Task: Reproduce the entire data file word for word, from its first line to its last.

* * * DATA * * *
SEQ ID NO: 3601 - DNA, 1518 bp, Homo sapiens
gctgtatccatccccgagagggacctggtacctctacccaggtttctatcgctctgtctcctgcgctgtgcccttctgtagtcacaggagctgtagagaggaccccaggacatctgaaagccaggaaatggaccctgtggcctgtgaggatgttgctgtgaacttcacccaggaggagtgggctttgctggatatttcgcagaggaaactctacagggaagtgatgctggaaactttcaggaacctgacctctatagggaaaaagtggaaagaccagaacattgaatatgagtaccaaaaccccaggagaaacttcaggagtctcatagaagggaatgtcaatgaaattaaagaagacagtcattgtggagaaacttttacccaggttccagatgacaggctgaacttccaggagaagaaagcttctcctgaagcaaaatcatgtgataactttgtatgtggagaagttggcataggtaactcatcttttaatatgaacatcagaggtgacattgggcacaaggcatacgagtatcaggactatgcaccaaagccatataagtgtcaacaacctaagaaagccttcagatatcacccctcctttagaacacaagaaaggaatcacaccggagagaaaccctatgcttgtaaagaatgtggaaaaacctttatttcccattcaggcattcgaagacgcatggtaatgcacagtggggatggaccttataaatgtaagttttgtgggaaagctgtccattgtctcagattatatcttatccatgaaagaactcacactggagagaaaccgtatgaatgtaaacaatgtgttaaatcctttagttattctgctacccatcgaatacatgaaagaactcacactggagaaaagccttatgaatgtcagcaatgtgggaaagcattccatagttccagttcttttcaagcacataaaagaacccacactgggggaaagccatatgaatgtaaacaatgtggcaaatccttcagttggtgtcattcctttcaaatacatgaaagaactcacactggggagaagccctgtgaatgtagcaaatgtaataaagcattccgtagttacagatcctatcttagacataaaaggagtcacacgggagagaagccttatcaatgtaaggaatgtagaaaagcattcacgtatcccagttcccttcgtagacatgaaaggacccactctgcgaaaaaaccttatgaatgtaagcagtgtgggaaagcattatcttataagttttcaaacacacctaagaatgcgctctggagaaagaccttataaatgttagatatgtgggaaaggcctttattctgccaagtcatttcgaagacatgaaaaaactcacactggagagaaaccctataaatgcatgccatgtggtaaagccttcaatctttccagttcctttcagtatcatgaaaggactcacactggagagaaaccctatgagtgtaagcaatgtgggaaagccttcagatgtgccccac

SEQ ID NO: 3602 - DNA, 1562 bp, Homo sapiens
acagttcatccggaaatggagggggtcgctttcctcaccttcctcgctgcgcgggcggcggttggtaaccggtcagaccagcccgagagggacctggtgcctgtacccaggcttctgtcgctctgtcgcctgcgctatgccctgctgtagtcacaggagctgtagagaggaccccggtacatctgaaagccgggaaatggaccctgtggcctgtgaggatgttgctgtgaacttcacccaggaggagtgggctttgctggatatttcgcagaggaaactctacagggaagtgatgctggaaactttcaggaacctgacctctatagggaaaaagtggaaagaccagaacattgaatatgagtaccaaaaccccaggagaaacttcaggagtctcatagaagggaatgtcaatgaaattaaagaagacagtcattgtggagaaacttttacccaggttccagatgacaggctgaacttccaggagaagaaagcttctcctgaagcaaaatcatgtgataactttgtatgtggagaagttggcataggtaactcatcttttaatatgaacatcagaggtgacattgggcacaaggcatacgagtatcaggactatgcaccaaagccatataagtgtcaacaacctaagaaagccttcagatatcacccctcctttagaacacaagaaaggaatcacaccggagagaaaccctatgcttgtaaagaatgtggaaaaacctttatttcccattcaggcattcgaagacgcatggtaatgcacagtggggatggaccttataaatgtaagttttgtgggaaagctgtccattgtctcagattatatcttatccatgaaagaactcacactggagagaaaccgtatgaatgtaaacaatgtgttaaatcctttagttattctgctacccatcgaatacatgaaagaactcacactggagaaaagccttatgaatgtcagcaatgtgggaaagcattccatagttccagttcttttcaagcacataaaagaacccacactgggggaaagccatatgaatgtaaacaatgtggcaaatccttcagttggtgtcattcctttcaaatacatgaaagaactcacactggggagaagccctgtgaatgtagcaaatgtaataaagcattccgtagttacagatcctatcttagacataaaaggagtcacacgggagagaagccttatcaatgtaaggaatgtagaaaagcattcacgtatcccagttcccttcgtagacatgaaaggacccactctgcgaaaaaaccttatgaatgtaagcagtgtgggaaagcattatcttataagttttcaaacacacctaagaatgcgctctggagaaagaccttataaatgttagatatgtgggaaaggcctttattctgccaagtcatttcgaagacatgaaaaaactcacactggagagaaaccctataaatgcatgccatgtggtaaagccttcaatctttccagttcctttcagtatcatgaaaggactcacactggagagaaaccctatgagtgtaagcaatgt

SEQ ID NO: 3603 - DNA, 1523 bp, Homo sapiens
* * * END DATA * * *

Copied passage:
SEQ ID NO: 3601 - DNA, 1518 bp, Homo sapiens
gctgtatccatccccgagagggacctggtacctctacccaggtttctatcgctctgtctcctgcgctgtgcccttctgtagtcacaggagctgtagagaggaccccaggacatctgaaagccaggaaatggaccctgtggcctgtgaggatgttgctgtgaacttcacccaggaggagtgggctttgctggatatttcgcagaggaaactctacagggaagtgatgctggaaactttcaggaacctgacctctatagggaaaaagtggaaagaccagaacattgaatatgagtaccaaaaccccaggagaaacttcaggagtctcatagaagggaatgtcaatgaaattaaagaagacagtcattgtggagaaacttttacccaggttccagatgacaggctgaacttccaggagaagaaagcttctcctgaagcaaaatcatgtgataactttgtatgtggagaagttggcataggtaactcatcttttaatatgaacatcagaggtgacattgggcacaaggcatacgagtatcaggactatgcaccaaagccatataagtgtcaacaacctaagaaagccttcagatatcacccctcctttagaacacaagaaaggaatcacaccggagagaaaccctatgcttgtaaagaatgtggaaaaacctttatttcccattcaggcattcgaagacgcatggtaatgcacagtggggatggaccttataaatgtaagttttgtgggaaagctgtccattgtctcagattatatcttatccatgaaagaactcacactggagagaaaccgtatgaatgtaaacaatgtgttaaatcctttagttattctgctacccatcgaatacatgaaagaactcacactggagaaaagccttatgaatgtcagcaatgtgggaaagcattccatagttccagttcttttcaagcacataaaagaacccacactgggggaaagccatatgaatgtaaacaatgtggcaaatccttcagttggtgtcattcctttcaaatacatgaaagaactcacactggggagaagccctgtgaatgtagcaaatgtaataaagcattccgtagttacagatcctatcttagacataaaaggagtcacacgggagagaagccttatcaatgtaaggaatgtagaaaagcattcacgtatcccagttcccttcgtagacatgaaaggacccactctgcgaaaaaaccttatgaatgtaagcagtgtgggaaagcattatcttataagttttcaaacacacctaagaatgcgctctggagaaagaccttataaatgttagatatgtgggaaaggcctttattctgccaagtcatttcgaagacatgaaaaaactcacactggagagaaaccctataaatgcatgccatgtggtaaagccttcaatctttccagttcctttcagtatcatgaaaggactcacactggagagaaaccctatgagtgtaagcaatgtgggaaagccttcagatgtgccccac

SEQ ID NO: 3602 - DNA, 1562 bp, Homo sapiens
acagttcatccggaaatggagggggtcgctttcctcaccttcctcgctgcgcgggcggcggttggtaaccggtcagaccagcccgagagggacctggtgcctgtacccaggcttctgtcgctctgtcgcctgcgctatgccctgctgtagtcacaggagctgtagagaggaccccggtacatctgaaagccgggaaatggaccctgtggcctgtgaggatgttgctgtgaacttcacccaggaggagtgggctttgctggatatttcgcagaggaaactctacagggaagtgatgctggaaactttcaggaacctgacctctatagggaaaaagtggaaagaccagaacattgaatatgagtaccaaaaccccaggagaaacttcaggagtctcatagaagggaatgtcaatgaaattaaagaagacagtcattgtggagaaacttttacccaggttccagatgacaggctgaacttccaggagaagaaagcttctcctgaagcaaaatcatgtgataactttgtatgtggagaagttggcataggtaactcatcttttaatatgaacatcagaggtgacattgggcacaaggcatacgagtatcaggactatgcaccaaagccatataagtgtcaacaacctaagaaagccttcagatatcacccctcctttagaacacaagaaaggaatcacaccggagagaaaccctatgcttgtaaagaatgtggaaaaacctttatttcccattcaggcattcgaagacgcatggtaatgcacagtggggatggaccttataaatgtaagttttgtgggaaagctgtccattgtctcagattatatcttatccatgaaagaactcacactggagagaaaccgtatgaatgtaaacaatgtgttaaatcctttagttattctgctacccatcgaatacatgaaagaactcacactggagaaaagccttatgaatgtcagcaatgtgggaaagcattccatagttccagttcttttcaagcacataaaagaacccacactgggggaaagccatatgaatgtaaacaatgtggcaaatccttcagttggtgtcattcctttcaaatacatgaaagaactcacactggggagaagccctgtgaatgtagcaaatgtaataaagcattccgtagttacagatcctatcttagacataaaaggagtcacacgggagagaagccttatcaatgtaaggaatgtagaaaagcattcacgtatcccagttcccttcgtagacatgaaaggacccactctgcgaaaaaaccttatgaatgtaagcagtgtgggaaagcattatcttataagttttcaaacacacctaagaatgcgctctggagaaagaccttataaatgttagatatgtgggaaaggcctttattctgccaagtcatttcgaagacatgaaaaaactcacactggagagaaaccctataaatgcatgccatgtggtaaagccttcaatctttccagttcctttcagtatcatgaaaggactcacactggagagaaaccctatgagtgtaagcaatgt

SEQ ID NO: 3603 - DNA, 1523 bp, Homo sapiens